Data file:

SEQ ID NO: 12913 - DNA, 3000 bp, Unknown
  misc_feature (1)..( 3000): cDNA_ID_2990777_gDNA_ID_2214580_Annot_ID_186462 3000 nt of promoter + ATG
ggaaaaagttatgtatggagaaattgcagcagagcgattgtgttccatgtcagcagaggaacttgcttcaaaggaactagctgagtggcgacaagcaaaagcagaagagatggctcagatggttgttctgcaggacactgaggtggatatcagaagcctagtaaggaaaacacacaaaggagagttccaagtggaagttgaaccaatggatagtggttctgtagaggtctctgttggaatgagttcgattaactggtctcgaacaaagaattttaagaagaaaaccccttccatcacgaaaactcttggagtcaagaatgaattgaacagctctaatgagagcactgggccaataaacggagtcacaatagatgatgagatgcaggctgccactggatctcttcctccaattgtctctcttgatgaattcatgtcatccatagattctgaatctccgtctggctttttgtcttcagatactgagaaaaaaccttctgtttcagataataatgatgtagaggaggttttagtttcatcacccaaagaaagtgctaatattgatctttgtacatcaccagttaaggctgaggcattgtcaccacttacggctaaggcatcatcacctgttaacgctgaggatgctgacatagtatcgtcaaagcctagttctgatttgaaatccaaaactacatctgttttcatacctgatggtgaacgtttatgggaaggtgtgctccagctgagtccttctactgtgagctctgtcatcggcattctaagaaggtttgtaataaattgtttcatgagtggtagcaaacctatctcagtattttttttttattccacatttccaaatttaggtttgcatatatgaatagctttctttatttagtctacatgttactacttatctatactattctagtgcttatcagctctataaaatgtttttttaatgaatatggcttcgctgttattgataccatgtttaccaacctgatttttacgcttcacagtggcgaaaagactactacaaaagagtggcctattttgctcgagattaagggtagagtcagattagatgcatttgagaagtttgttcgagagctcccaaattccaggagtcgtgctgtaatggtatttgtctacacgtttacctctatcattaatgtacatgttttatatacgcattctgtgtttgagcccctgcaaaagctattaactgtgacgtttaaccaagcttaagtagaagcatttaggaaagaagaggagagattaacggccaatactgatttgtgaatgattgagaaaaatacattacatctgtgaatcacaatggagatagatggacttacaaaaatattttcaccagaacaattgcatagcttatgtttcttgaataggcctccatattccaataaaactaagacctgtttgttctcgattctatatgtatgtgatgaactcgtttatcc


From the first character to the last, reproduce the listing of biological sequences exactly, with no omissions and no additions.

SEQ ID NO: 12913 - DNA, 3000 bp, Unknown
  misc_feature (1)..( 3000): cDNA_ID_2990777_gDNA_ID_2214580_Annot_ID_186462 3000 nt of promoter + ATG
ggaaaaagttatgtatggagaaattgcagcagagcgattgtgttccatgtcagcagaggaacttgcttcaaaggaactagctgagtggcgacaagcaaaagcagaagagatggctcagatggttgttctgcaggacactgaggtggatatcagaagcctagtaaggaaaacacacaaaggagagttccaagtggaagttgaaccaatggatagtggttctgtagaggtctctgttggaatgagttcgattaactggtctcgaacaaagaattttaagaagaaaaccccttccatcacgaaaactcttggagtcaagaatgaattgaacagctctaatgagagcactgggccaataaacggagtcacaatagatgatgagatgcaggctgccactggatctcttcctccaattgtctctcttgatgaattcatgtcatccatagattctgaatctccgtctggctttttgtcttcagatactgagaaaaaaccttctgtttcagataataatgatgtagaggaggttttagtttcatcacccaaagaaagtgctaatattgatctttgtacatcaccagttaaggctgaggcattgtcaccacttacggctaaggcatcatcacctgttaacgctgaggatgctgacatagtatcgtcaaagcctagttctgatttgaaatccaaaactacatctgttttcatacctgatggtgaacgtttatgggaaggtgtgctccagctgagtccttctactgtgagctctgtcatcggcattctaagaaggtttgtaataaattgtttcatgagtggtagcaaacctatctcagtattttttttttattccacatttccaaatttaggtttgcatatatgaatagctttctttatttagtctacatgttactacttatctatactattctagtgcttatcagctctataaaatgtttttttaatgaatatggcttcgctgttattgataccatgtttaccaacctgatttttacgcttcacagtggcgaaaagactactacaaaagagtggcctattttgctcgagattaagggtagagtcagattagatgcatttgagaagtttgttcgagagctcccaaattccaggagtcgtgctgtaatggtatttgtctacacgtttacctctatcattaatgtacatgttttatatacgcattctgtgtttgagcccctgcaaaagctattaactgtgacgtttaaccaagcttaagtagaagcatttaggaaagaagaggagagattaacggccaatactgatttgtgaatgattgagaaaaatacattacatctgtgaatcacaatggagatagatggacttacaaaaatattttcaccagaacaattgcatagcttatgtttcttgaataggcctccatattccaataaaactaagacctgtttgttctcgattctatatgtatgtgatgaactcgtttatcc